McKee and her husband, Bill, are beacons of light and a welcome place for visiting alumni. They are great hosts and McKee admits, “We see Trona through Rose Colored Glasses.” Pointing out that the kids today don’t have the sense of community that comes from being in kindergarten throughout high school with the same kids. Now kids see the world through their handheld phones. And when McKee was growing up, the town was filled with workers who lived and worked in Trona. 

Today Trona has the Searles Valley Historical Society museums, the Gem and Mineral Club, the Senior Center, the library, Trona Rural Health Clinic that is open on Tuesdays, the Elks Club, a thrift store, the Trona Unified School District, and a handful of churches: Christian Fellowship, the Assembly of God, the Cumberland Presbyterian Church, the First Baptist Church and St. Madeline’s Catholic Church which meets monthly. There is also a Fire Department and a Sheriff’s Department.

   There is hope in Trona through its old timers and, after redistricting, the newly elected Assemblyman Tom Lackey has shown interest in Trona. “He wants to be involved in the community and get to know to know our needs,” says Priscilla Benadom, Program Coordinator at the Trona Community Senior Center.  “He comes from a small town, Boron. So he understands that small town feel. Lackey will visit Trona or send a representative when the  Trona Community Service Council resumes their monthly meetings in January. The Council meetings draws representation from most of the organizations in town. Not everybody in town is a member, but someone will attend the meetings and inform their groups.

The Senior Center is open 8am until noon Monday through Thursday. They are hosting their annual event called “Under the Lights” from 5 to 7pm on December 17 on Searles Street in Pioneer Point. “ We serve hot chocolate and cookies for donations,” says Benadom. Part of the fun is a Mystery Raffle. There are 57 gifts that are wrapped and concealing their contents. The value of the gifts range from $10 to $300.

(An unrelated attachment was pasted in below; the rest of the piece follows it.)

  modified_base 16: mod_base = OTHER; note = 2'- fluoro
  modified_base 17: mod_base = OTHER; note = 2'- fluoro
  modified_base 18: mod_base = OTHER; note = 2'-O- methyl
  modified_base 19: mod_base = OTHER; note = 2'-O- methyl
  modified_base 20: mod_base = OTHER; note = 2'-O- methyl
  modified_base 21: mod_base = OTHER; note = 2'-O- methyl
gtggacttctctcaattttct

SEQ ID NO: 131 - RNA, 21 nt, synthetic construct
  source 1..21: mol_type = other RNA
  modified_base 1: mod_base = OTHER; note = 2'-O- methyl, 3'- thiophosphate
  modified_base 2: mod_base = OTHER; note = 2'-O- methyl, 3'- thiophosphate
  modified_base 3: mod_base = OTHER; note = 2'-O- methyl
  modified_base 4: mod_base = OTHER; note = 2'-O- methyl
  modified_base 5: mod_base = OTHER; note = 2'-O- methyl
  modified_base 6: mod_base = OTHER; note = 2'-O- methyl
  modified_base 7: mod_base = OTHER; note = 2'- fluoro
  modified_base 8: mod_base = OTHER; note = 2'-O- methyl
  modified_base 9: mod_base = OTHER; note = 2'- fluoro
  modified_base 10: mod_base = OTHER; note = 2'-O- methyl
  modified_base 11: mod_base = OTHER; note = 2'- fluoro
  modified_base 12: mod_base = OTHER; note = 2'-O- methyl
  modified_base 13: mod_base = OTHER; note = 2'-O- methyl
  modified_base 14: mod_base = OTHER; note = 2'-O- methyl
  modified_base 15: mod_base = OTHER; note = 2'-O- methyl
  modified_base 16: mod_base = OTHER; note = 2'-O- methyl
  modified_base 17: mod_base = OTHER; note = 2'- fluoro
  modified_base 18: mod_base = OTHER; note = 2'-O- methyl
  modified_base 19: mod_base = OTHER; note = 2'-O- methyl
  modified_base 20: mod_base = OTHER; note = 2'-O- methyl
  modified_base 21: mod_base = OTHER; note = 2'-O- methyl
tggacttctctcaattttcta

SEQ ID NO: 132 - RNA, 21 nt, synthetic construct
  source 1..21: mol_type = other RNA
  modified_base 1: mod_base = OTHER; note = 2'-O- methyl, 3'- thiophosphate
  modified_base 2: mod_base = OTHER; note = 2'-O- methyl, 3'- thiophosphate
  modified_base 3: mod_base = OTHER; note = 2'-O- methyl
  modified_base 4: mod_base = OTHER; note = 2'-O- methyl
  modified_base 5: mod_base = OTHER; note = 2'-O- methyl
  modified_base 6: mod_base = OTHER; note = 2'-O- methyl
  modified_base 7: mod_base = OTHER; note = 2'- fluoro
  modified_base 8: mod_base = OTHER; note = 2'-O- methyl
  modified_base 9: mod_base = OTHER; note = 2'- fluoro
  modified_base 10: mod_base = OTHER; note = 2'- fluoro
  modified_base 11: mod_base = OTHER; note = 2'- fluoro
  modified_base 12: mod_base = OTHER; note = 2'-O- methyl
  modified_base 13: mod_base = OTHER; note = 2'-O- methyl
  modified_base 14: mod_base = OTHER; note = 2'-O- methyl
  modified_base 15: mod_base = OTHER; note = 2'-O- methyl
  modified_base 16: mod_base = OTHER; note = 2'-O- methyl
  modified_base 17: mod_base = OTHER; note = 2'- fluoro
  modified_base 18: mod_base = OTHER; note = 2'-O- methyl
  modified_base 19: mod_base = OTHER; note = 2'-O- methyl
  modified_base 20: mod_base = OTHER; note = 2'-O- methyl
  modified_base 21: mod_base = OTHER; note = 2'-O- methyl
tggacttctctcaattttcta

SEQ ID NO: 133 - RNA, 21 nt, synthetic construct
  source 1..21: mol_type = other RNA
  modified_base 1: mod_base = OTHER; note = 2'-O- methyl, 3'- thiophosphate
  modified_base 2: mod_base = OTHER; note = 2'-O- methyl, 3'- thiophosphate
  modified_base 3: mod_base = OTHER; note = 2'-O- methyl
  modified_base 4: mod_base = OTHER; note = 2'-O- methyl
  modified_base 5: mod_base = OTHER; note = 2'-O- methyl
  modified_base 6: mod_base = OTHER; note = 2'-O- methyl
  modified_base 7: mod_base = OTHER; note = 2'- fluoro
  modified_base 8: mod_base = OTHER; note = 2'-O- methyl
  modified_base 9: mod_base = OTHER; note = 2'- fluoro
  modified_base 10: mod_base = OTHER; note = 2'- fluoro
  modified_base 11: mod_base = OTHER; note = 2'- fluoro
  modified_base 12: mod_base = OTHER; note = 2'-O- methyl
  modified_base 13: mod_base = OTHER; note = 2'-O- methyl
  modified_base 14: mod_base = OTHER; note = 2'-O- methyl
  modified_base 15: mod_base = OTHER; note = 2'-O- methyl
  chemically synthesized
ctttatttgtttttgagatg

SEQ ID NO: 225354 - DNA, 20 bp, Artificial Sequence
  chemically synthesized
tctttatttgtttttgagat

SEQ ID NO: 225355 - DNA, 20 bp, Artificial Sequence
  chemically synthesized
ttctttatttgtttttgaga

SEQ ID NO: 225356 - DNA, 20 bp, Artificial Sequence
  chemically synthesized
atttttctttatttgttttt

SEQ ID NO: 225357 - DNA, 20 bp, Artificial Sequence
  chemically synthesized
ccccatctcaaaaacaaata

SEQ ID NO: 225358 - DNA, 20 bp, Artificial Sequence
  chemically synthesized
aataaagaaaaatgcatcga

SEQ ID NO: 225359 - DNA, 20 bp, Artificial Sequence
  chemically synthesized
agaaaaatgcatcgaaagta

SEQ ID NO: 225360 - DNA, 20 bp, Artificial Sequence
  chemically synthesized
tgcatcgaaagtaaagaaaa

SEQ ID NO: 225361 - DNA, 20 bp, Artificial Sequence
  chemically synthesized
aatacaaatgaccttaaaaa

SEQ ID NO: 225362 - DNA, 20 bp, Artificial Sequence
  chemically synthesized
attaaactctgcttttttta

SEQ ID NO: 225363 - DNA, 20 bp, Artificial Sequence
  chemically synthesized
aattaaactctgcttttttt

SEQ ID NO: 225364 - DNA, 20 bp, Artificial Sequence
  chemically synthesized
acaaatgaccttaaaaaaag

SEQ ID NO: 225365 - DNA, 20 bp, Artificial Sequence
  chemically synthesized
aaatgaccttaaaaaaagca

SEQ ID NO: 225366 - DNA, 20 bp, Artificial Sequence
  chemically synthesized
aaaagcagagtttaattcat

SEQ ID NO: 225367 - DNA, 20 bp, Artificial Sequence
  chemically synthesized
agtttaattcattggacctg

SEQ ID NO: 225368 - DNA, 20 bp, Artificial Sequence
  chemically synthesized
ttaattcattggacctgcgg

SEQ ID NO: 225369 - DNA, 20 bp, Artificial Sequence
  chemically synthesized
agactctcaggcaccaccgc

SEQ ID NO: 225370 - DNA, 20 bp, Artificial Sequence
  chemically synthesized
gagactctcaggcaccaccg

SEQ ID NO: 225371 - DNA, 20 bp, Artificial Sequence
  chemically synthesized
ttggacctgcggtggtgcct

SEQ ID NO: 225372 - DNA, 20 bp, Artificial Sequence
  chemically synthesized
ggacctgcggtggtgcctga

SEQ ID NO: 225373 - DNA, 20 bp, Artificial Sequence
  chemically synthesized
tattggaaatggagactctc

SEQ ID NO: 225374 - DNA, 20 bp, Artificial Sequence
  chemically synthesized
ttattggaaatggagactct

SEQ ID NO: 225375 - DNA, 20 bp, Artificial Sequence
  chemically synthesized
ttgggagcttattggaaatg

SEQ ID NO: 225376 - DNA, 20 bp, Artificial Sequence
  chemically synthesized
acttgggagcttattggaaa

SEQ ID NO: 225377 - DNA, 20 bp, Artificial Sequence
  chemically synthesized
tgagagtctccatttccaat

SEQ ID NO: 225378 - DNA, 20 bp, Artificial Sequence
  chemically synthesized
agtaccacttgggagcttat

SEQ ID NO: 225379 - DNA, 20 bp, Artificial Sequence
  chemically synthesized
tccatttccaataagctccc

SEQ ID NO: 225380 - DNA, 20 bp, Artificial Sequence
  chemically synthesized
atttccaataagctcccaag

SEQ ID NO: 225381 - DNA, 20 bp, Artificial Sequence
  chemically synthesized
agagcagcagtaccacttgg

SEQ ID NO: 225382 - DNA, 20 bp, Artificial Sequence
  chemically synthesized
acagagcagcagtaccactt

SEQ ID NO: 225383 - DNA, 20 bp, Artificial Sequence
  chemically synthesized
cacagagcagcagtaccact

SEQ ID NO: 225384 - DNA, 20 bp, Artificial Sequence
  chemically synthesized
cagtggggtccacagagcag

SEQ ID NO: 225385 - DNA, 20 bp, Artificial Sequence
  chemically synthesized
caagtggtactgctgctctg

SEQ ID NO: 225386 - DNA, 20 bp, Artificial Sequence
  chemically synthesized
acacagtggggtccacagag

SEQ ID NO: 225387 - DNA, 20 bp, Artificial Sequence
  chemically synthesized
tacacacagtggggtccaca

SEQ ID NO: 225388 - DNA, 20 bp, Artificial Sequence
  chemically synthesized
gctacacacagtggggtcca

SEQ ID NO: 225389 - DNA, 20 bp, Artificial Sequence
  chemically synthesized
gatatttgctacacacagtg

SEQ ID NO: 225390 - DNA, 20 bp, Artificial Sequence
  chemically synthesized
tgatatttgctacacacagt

When asked what the reopening of Esparza Family Restaurant means to Trona, McKee says, “ It means everything. The community is up and running.  It means there’s a little puff of life back into the community and I love it. And I support it.” Benadom says, “I’m glad they reopened. It’s nice to have an option. We don’t eat out very often when we’re home. It  was hard when they weren’t open. You had basically two choices:  either fried chicken (at TIS General Store) or hamburgers (at the Trails Drive In). It’s nice to have that option.”

The iconic Fox Theatre was built in 1955 and it housed Esparza Family Restaurant for almost 10 years. It took a long time for the restaurant to reopen after their building was red tagged. According to McKee the San Bernardino County approval process continually delayed the process. Every time an inspector came, it was a new person who didn’t like what the precious inspector found. They kept adding to the work.

   Now the Esparza Family Restaurant is open in another iconic building; the site of Trona’s only hair salon for decades: the Kut & Kurl Beauty Salon which was owned and operated by Trona Treasure, Mel Gonzalez.